Cookies

We use cookies to ensure that we give you the best experience on our website. You can change your cookie settings at any time. Otherwise, we'll assume you're OK to continue.

Institute of Advanced Study

IAS Fellow's Public Lecture

Speaker: Professor Jer Kuszak

Date: 28 October 2011

Time: 8.00-9.00pm

Venue: Penthouse Suite, Collingwood College

Title: A Future Without Glasses

'You are going to need another way to look distinguished when you get older because we intend to eliminate the need for glasses'

Vision is the most important of the five senses in man and its decline with age is a certainty. By refracting or gathering  divergent rays of light into a concentrated beam allows us to read a book and watch television at the same time, without even thinking about the process - until that is when you get older and have to swap glasses! The ability to focus is invariably lost between the 4th and 5th decades of our lives.  Fortunately, this condition, presbyopia, can usually be treated with corrective lenses (bifocal/varifocal lenses). This is, however not the end of the  story. From our 6th  decade onwards, our lenses are more than likely to become opaque or cataractous and consequently excessive amounts of light are diffracted or scattered throughout a lens thereby compromising its transparency and disabling its focusing function.  In point of fact, age-related cataract  is the number one cause of blindness in the world.  The cataractous lens can be easily removed surgically, but the ability to dynamically focus is not restored and once again we need glasses!  Thus, there is a considerable ongoing effort to develop an artificial lens capable of dynamic focusing for surgical implantation.   In order to make such an artificial lens it is, however,  necessary to know how its individual parts work together in real life and this is currently unknown.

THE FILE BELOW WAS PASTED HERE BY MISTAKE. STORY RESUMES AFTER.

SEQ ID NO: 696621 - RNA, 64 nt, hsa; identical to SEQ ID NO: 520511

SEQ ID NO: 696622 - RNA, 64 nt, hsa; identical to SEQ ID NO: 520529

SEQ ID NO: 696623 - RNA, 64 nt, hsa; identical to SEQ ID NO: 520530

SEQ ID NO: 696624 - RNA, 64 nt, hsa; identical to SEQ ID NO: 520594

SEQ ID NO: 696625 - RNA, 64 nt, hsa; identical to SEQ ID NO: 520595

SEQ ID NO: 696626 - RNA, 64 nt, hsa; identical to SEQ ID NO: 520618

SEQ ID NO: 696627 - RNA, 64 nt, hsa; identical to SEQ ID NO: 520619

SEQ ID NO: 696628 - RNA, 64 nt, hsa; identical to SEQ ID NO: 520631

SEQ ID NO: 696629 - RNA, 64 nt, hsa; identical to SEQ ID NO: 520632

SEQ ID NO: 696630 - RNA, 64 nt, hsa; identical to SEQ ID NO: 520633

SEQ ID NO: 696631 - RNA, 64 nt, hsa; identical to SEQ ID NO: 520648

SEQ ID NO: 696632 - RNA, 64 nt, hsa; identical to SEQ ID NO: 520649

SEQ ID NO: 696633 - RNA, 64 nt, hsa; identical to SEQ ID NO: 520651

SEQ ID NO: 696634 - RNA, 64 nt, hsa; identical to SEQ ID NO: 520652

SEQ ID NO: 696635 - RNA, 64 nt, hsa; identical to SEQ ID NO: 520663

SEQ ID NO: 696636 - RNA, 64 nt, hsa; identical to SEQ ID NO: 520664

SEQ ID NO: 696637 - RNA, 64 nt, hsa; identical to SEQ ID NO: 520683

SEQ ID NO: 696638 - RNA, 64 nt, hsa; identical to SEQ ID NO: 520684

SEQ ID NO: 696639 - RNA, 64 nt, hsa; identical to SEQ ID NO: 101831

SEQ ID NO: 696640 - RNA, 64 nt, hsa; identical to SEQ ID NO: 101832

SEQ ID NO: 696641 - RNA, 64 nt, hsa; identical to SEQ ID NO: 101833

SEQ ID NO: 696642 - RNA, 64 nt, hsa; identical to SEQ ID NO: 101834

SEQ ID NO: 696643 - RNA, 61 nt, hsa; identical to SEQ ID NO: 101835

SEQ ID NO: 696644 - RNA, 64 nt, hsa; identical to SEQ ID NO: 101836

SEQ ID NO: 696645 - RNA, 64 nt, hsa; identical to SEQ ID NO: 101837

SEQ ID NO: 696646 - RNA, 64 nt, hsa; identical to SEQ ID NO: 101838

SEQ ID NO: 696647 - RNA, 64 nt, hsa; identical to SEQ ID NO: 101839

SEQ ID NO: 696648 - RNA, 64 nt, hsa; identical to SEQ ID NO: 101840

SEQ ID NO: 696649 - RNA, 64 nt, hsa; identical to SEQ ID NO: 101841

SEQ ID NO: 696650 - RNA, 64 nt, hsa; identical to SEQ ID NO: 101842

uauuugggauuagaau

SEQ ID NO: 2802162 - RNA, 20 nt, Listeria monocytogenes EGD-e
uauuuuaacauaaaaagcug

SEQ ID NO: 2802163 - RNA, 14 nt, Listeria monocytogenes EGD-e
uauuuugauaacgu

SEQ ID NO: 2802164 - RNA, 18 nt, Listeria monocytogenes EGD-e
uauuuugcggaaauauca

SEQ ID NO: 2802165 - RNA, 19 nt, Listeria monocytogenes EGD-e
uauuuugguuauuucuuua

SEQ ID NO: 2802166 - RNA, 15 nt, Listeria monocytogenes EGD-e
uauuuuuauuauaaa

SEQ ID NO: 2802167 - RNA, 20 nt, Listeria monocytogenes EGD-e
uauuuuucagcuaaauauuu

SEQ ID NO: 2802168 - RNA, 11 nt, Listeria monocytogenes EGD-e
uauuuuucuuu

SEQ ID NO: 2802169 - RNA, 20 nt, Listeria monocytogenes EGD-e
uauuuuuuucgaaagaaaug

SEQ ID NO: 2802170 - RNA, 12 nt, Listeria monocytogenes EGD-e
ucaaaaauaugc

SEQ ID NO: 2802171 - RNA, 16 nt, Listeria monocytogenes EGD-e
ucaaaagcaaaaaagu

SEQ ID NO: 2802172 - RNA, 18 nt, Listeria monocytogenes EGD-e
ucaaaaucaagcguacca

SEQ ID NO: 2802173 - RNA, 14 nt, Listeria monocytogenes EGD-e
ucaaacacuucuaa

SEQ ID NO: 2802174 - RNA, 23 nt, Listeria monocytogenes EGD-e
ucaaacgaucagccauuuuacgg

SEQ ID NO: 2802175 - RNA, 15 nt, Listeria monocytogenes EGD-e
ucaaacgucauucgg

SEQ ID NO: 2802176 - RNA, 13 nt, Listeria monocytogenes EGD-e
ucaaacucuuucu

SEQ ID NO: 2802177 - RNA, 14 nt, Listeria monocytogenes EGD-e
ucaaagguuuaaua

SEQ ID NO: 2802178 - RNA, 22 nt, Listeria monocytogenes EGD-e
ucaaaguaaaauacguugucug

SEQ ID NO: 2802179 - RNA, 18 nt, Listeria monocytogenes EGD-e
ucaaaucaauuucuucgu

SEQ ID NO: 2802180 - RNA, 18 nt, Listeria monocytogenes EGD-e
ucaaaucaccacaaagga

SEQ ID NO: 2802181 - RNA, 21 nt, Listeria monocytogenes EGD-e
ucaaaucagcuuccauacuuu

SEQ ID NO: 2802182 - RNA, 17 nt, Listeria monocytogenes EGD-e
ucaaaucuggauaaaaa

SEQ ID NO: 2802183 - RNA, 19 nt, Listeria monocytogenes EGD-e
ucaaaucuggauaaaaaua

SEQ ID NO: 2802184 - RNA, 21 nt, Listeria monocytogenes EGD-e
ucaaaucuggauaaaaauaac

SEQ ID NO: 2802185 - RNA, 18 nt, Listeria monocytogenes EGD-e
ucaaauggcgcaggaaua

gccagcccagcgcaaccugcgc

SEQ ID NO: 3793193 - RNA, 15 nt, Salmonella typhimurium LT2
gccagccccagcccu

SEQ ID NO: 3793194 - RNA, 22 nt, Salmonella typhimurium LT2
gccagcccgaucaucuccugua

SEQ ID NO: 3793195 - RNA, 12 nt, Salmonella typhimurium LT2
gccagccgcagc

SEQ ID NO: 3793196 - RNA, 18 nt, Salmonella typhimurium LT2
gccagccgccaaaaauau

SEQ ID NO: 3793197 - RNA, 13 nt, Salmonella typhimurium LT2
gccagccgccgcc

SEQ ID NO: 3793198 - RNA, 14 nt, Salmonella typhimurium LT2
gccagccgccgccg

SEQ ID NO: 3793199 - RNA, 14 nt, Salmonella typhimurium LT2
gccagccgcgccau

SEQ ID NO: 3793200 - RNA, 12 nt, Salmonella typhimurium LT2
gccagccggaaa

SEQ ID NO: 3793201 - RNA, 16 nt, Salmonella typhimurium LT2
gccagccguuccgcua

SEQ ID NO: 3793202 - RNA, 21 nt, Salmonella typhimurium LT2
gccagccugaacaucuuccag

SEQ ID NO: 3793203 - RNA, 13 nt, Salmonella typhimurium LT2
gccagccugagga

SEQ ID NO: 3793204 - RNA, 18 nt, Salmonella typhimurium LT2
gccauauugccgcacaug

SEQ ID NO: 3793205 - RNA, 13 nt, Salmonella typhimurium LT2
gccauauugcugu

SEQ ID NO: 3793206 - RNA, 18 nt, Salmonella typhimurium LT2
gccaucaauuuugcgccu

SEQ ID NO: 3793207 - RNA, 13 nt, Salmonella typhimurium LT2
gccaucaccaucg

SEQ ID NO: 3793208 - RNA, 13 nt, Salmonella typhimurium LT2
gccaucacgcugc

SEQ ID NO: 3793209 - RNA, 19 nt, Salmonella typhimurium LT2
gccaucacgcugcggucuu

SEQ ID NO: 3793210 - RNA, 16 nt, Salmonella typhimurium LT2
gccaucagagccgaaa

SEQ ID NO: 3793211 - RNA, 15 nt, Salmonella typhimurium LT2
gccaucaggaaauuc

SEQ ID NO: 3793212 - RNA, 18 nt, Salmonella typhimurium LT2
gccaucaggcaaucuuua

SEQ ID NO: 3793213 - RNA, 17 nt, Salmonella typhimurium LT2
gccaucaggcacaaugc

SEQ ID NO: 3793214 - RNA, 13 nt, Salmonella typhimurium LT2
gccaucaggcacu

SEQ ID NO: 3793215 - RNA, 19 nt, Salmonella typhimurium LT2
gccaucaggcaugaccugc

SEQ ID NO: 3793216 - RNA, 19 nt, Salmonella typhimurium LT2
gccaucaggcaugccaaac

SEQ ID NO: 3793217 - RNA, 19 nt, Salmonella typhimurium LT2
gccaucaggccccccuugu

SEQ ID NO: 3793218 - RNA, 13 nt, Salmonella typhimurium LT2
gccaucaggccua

We believe we have discovered the underlying anatomical basis for both lens transparency and dynamic focusing.  By supplementing the results of our 30+ years of microscopic analysis of vertebrate lens anatomy with computational biology we have found that the individual millions of cells that comprise a lens are simple two-turn coils or springs with incrementally different amounts and extents of curvature.  Cumulatively they are organized into synchronous, spiraling planes of varying 3-dimensional complexity that relates to accommodative power.  Thus, as the lens focuses, energy is stored in the spring-like lens cells.  This novel explanation for the mechanism of dynamic focusing resolves issues that are unexplained by the current paradigm.  If our novel interpretation of how lens structure supports its function is correct, then there is a high probability that it will soon be possible to produce a fully functional, artificial lens for surgical implantation. This will eliminate the need for glasses and greatly improve the quality of life for the ever expanding, global, elderly population.